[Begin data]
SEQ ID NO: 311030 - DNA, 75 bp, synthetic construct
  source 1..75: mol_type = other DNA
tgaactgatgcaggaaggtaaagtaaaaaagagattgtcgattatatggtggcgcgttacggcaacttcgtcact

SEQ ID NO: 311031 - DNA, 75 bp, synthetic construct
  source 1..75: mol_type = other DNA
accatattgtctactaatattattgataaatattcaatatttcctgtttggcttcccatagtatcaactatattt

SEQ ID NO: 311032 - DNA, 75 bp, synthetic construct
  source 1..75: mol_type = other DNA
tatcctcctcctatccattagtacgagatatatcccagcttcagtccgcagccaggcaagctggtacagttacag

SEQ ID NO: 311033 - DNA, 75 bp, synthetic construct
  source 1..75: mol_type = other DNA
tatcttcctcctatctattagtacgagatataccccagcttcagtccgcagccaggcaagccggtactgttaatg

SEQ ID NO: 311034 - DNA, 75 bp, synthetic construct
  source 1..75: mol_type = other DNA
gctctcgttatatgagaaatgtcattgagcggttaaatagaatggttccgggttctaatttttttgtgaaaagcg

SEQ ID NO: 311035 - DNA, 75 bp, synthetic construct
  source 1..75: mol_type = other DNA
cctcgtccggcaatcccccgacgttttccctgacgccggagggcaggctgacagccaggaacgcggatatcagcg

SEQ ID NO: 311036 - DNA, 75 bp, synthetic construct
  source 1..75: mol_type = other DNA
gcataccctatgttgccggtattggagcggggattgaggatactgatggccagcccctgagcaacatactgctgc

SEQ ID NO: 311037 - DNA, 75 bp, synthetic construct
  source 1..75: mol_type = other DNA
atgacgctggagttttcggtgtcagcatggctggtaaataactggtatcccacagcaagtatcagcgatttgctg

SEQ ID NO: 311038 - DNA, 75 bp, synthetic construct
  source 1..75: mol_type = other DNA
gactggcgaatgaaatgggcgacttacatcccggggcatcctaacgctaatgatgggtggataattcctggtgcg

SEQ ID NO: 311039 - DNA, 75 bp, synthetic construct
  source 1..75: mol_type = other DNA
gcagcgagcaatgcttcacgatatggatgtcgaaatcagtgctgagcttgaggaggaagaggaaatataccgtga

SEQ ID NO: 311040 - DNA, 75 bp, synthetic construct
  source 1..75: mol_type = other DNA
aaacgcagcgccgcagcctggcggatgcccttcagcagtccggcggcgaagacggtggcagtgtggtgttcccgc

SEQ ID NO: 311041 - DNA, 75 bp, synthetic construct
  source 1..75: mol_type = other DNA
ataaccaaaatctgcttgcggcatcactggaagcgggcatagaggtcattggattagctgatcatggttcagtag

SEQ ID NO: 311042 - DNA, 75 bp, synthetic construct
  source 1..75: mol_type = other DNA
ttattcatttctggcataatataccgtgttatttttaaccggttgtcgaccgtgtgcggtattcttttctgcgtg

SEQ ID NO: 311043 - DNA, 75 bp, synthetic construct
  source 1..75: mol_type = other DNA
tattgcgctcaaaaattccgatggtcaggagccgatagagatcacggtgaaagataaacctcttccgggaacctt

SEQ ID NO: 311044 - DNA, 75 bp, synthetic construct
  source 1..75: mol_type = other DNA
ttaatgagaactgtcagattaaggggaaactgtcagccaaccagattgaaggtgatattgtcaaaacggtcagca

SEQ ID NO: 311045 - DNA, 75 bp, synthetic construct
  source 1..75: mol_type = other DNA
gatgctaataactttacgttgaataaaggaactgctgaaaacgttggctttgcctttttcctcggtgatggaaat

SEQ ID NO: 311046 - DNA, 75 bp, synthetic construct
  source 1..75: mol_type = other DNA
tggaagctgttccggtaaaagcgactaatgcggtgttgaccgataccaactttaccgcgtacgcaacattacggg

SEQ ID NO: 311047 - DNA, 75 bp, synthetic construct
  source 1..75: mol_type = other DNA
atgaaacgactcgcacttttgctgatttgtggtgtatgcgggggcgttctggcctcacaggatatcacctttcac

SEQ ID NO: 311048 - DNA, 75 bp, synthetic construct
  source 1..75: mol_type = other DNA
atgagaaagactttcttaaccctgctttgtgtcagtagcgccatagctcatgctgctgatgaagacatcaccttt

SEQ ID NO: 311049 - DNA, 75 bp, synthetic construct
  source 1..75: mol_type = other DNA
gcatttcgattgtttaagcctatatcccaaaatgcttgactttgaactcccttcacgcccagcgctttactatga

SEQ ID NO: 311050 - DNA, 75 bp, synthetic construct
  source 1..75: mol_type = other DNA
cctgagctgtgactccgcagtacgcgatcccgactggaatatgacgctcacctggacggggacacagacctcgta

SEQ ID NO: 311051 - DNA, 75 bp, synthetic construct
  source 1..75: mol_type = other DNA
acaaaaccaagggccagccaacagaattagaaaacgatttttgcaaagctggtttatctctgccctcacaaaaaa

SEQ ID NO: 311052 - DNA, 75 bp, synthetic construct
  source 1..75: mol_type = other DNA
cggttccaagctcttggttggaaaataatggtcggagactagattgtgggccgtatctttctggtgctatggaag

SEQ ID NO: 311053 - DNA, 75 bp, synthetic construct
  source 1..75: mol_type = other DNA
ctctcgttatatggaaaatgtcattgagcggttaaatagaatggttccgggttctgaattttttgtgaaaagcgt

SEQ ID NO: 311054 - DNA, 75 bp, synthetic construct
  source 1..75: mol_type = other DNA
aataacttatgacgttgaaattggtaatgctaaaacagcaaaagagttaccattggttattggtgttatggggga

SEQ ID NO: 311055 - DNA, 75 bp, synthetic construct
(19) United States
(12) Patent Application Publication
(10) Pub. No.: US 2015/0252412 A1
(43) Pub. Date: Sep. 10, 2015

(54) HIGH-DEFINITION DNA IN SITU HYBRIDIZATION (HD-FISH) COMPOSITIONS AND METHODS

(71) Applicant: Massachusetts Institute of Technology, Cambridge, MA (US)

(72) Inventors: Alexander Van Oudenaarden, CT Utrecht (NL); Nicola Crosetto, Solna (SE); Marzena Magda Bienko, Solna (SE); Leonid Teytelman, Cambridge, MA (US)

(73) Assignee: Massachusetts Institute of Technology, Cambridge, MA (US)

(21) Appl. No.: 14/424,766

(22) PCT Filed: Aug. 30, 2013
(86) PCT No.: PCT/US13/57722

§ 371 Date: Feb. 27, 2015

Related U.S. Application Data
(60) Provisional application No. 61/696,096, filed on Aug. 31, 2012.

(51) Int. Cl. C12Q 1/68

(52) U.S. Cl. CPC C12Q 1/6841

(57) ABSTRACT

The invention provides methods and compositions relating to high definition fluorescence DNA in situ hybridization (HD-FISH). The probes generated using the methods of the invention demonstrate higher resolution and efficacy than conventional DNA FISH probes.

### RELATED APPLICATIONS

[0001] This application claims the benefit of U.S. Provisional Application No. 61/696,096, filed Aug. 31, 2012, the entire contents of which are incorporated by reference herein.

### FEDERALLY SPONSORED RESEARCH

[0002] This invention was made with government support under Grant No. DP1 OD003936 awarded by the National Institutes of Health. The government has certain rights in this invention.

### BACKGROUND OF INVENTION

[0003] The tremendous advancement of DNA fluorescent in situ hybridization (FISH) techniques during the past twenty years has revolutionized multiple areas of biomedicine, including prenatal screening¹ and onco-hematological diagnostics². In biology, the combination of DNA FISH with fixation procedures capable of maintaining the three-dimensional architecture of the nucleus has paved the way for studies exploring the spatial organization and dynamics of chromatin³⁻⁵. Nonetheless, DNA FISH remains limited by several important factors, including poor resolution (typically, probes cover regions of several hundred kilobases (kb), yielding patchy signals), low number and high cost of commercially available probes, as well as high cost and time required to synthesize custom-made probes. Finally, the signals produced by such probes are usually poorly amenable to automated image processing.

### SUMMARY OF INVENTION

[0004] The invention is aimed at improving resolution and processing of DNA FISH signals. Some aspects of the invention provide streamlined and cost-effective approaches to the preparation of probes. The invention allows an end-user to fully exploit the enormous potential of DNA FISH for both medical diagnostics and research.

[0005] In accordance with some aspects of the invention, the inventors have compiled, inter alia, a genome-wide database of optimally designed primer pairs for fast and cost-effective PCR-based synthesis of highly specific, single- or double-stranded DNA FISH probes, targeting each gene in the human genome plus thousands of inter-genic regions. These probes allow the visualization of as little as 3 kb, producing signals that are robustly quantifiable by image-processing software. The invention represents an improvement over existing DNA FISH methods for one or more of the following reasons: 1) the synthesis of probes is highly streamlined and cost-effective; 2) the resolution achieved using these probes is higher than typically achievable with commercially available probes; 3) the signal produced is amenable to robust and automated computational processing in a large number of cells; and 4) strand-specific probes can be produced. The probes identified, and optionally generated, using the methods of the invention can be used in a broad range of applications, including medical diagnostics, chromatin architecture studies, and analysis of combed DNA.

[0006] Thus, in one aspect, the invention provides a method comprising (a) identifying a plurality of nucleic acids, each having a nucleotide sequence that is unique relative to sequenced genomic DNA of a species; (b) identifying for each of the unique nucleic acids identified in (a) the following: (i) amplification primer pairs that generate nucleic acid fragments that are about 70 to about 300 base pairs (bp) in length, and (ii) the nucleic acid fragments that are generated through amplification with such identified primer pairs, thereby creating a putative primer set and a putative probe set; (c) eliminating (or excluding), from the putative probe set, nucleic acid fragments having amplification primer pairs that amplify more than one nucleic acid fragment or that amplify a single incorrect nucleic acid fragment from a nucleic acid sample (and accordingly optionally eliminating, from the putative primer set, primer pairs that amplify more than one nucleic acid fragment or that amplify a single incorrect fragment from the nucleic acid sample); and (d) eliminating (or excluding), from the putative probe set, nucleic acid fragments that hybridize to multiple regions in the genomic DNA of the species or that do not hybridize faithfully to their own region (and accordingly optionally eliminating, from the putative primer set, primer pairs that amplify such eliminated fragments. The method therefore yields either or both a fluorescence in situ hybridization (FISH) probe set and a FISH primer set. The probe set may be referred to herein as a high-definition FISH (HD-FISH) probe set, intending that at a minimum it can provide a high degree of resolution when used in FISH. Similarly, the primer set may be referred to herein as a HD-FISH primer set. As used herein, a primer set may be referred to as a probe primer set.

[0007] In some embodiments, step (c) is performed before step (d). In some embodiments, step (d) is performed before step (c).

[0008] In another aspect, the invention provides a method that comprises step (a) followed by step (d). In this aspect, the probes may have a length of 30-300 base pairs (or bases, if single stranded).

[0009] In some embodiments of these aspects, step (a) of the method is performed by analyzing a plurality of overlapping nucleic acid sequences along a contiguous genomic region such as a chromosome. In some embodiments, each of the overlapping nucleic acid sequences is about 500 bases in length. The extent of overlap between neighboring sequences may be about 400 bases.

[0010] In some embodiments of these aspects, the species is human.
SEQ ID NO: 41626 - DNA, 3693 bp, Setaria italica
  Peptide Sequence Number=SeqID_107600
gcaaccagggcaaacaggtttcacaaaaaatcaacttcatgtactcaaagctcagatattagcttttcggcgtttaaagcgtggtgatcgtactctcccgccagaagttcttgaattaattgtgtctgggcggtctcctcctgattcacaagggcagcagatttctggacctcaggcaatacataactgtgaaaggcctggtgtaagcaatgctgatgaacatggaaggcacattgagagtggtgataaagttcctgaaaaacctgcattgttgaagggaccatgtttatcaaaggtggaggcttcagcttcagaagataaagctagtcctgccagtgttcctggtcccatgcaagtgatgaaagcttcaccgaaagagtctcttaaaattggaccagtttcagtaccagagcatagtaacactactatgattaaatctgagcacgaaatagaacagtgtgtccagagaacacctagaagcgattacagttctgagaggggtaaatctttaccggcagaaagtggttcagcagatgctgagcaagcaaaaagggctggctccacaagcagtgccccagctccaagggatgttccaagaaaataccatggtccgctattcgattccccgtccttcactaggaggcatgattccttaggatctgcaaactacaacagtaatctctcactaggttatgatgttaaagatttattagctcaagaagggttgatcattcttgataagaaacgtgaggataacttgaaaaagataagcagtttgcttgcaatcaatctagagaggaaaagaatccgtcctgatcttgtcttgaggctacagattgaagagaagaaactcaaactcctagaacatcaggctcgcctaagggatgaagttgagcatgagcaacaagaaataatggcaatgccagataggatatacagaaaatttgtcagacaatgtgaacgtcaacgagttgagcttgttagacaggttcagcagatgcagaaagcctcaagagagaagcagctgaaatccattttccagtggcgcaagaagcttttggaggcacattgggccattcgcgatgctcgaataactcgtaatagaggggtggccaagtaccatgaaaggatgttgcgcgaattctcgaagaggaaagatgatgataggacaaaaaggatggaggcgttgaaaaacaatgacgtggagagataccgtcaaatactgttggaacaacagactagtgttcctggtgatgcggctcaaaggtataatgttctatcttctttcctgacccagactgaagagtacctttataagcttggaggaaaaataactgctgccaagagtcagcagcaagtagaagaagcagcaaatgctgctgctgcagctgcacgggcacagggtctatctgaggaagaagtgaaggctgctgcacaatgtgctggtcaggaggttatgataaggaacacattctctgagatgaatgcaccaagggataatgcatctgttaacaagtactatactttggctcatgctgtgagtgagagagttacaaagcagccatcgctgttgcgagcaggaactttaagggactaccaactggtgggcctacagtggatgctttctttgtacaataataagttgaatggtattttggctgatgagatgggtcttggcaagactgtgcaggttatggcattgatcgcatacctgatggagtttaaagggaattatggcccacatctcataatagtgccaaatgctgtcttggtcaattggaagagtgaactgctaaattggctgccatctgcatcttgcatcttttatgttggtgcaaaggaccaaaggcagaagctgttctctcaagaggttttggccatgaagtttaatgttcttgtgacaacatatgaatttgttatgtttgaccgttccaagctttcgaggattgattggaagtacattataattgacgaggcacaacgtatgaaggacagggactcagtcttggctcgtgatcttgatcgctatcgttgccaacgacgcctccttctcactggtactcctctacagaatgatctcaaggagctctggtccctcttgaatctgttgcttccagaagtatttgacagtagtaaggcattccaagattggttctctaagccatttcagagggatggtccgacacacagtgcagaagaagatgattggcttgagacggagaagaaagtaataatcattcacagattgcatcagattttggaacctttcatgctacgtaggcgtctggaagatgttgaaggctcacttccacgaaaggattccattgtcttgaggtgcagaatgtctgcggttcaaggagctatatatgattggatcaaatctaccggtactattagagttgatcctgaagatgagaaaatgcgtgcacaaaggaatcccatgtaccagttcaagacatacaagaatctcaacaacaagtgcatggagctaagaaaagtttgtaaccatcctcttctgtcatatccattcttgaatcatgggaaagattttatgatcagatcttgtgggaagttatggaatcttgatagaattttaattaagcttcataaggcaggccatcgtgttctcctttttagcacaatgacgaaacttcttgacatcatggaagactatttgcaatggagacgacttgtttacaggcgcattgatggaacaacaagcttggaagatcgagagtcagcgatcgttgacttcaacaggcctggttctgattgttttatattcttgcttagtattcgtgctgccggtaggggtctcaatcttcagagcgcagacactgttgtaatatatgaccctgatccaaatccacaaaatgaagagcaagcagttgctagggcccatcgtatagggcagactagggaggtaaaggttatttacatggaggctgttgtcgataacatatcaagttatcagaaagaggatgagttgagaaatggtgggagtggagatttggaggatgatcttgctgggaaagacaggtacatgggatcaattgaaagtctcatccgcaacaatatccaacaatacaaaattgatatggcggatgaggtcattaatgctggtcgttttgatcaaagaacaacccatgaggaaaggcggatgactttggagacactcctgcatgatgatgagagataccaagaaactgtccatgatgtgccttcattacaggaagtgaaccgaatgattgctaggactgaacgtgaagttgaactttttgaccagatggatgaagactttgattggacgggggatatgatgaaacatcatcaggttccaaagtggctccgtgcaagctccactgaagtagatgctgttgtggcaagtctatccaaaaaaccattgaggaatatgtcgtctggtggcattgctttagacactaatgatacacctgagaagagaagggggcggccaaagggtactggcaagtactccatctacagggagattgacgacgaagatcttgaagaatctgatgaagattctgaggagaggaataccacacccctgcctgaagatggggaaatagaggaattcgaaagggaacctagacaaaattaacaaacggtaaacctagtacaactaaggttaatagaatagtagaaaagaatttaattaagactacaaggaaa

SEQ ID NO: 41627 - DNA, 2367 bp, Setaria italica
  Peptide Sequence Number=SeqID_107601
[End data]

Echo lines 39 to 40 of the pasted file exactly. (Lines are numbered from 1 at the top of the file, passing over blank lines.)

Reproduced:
ttattcatttctggcataatataccgtgttatttttaaccggttgtcgaccgtgtgcggtattcttttctgcgtg

SEQ ID NO: 311043 - DNA, 75 bp, synthetic construct